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  • Anti-Olympics Activists Take on Los Angeles, Paris


    (ATR) Two cities will sign hosting contracts for the 2024 and 2028 Olympic Games next month, but activists say it is not too late to derail the process.

    The Lima Convention Center will stage the 2017 IOC Session
    Activists from “NOlympics LA” and “Non Paris 2024” tell Around the Rings their goals are to get the next two Olympic host cities to reconsider their commitments. They understand public support is not yet on their side, but are leveraging knowledge from previous successful anti-Olympics groups.

    Boston, Budapest, and Hamburg withdrew during the 2024 Olympic bid process. The commonality in each bid’s demise was the threat or consummation of a referendum. Hamburg voters disavowed the Games, Budapest withdrew before voters could have their say, and Boston dropped out amid an expected referendum and a lack of public support.

    Both activist organizations say the Paris and Los Angeles bid committees have approached organizers for dialogue. To date, neither group has taken the committees up on the offers for different reasons.

    NOlympics Engages the Public

    NOlympics LA organizers Steve Ducey and Ann Orchier told ATR that LA 2028 reached out to speak with the group for a one-on-one meeting. However, Ducey and Orchier say the organization prefers to do all of its dialogue in public settings, and has invited the bid committee to such meetings. LA 2028 did not return requests for comment about potential future engagement.

    Later tonight NOlympics LA will hold a public forum “to discuss and illustrate why a 2028 plan would negatively affect thousands of lives.” The group will hold three panel discussions focused on three core opposition beliefs: housing and displacement, police militarization, and accountability and oversight.

    NOlympics LA was born out of the Democratic Socialists of LA’s housing and homelessness committee, Orchier says. As the committee worked with homeless advocates in LA they heard concerns over a lack of opposition movement to the potential real estate speculation that the Olympics could bring. NOlympics formed and started its online push earlier this year, around the time negotiations between the IOC, Los Angeles, and Paris began.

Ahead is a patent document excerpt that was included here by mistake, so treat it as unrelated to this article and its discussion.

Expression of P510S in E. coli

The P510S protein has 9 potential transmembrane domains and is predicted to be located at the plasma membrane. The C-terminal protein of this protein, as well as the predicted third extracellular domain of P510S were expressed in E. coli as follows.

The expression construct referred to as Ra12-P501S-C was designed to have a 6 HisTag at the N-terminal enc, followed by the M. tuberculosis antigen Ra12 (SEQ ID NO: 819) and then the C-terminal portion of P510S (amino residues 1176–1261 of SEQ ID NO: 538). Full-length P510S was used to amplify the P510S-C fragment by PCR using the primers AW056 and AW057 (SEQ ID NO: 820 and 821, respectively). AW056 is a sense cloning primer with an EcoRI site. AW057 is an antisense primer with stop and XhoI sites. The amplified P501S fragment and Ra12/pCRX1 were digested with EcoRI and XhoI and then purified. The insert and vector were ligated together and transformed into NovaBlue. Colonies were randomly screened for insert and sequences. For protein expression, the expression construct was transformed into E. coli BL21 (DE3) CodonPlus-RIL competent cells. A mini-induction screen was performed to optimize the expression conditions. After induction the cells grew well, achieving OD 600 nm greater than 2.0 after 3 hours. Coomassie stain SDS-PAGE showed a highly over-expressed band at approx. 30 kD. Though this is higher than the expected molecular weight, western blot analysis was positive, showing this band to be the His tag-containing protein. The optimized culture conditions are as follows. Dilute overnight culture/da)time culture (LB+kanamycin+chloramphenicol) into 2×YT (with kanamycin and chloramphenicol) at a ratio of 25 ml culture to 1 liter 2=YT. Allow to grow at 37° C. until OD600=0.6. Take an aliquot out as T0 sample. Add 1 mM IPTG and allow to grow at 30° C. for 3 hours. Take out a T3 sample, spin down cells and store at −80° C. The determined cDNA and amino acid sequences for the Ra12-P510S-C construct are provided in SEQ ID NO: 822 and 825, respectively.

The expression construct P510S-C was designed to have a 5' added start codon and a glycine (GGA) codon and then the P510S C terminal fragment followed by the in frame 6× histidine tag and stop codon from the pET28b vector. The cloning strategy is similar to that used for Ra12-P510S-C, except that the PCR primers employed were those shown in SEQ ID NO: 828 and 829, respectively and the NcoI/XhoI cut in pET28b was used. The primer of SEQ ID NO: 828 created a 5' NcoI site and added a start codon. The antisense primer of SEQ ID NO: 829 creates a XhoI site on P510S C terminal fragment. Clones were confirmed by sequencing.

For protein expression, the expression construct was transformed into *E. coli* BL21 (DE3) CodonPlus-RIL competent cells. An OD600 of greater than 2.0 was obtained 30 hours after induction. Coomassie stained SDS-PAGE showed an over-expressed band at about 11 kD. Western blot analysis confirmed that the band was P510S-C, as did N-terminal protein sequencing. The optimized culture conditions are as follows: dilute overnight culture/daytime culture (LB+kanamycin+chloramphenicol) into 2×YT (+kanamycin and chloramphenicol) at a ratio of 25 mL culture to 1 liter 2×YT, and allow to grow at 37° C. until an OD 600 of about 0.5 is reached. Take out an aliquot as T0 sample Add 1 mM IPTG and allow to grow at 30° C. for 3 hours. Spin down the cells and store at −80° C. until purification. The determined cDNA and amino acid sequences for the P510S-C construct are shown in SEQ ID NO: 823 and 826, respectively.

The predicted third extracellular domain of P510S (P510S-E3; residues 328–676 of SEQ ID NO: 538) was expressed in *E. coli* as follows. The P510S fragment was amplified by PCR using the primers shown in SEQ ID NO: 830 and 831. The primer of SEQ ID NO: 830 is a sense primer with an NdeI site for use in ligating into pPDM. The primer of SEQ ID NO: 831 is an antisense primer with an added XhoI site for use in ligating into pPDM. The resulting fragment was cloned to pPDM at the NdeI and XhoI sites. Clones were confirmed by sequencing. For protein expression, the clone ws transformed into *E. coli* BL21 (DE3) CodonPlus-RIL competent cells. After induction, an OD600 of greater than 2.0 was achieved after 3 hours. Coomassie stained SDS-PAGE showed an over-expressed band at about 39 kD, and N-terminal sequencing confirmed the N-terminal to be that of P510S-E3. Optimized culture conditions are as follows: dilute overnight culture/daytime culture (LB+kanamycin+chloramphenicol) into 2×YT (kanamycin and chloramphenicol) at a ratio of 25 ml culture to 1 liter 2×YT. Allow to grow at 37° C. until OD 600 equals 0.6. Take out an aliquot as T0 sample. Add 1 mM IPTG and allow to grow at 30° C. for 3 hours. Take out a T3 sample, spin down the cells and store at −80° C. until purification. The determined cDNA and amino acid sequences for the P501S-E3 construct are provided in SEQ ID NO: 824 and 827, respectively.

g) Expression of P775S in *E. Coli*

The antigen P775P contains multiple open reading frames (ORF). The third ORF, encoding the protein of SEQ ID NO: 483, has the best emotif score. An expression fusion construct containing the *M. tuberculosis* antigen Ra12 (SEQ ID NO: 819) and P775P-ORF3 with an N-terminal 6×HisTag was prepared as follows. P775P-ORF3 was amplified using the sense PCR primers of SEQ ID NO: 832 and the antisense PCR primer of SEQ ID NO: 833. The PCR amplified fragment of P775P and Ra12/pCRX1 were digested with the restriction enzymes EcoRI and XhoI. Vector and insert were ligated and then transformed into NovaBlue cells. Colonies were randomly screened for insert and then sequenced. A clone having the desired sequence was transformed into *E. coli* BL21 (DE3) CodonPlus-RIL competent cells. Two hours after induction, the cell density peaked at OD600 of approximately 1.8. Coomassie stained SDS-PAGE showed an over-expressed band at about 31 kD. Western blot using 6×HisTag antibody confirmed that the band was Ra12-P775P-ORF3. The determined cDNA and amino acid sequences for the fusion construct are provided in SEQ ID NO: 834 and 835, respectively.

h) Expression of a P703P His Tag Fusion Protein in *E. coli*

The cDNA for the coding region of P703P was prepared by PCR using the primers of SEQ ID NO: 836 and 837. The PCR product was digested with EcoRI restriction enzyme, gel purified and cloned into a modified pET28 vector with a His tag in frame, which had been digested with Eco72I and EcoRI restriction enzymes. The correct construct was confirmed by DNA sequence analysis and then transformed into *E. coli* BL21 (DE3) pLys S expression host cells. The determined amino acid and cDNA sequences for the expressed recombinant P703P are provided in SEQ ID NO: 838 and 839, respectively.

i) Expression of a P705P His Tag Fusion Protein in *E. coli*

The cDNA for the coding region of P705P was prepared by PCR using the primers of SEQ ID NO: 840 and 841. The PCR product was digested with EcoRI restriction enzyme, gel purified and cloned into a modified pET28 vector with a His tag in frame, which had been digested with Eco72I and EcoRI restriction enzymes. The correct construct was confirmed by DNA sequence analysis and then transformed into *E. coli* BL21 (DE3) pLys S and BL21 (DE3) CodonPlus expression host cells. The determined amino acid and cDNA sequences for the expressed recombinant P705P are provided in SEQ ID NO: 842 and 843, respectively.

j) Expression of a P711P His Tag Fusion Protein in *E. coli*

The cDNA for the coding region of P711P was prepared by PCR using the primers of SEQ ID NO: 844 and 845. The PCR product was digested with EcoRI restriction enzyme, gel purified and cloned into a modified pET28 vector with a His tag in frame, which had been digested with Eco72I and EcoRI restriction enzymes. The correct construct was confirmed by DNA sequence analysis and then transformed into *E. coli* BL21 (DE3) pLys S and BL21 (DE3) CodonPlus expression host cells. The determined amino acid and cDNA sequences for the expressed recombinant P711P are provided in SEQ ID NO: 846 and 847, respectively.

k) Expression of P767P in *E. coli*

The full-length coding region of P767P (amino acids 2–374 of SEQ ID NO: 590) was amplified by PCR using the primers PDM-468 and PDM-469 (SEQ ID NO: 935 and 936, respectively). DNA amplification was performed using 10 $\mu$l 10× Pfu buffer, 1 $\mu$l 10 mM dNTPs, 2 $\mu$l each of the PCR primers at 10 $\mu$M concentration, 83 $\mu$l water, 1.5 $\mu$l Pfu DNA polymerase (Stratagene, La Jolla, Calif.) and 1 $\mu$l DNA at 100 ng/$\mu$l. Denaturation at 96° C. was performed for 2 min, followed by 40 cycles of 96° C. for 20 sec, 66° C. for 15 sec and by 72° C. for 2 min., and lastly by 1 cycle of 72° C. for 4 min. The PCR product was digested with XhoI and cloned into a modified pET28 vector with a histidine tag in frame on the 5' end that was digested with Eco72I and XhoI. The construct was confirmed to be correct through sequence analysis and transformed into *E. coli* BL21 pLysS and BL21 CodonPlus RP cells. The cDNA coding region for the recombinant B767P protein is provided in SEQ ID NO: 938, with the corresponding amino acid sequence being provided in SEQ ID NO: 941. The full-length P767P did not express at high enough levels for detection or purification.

NOlympics activists on the streets of Los Angeles (NOlympics LA/Twitter)
    “In a lot of ways a lack of an opposition movement helped bolster those claims that everyone wanted [the Games] here,” Orchier said. “It sort of helped posit this idea that if people weren’t that excited there would be some sort of organized opposition. In our minds, the reason there wasn’t an organized opposition was because all of the people who are concerned about the Olympics are dealing on a day to day basis with life and death issues.”

    The group was present at the recent LA City Council meeting that authorized the signing of the 2028 Host City Contract. Opponents to the bid chanted “let us speak” as council members voted. Protests over the decision continued through a scheduled press conference after the vote. It was the first major public opposition to the LA Olympic bid, coming two years after the process started.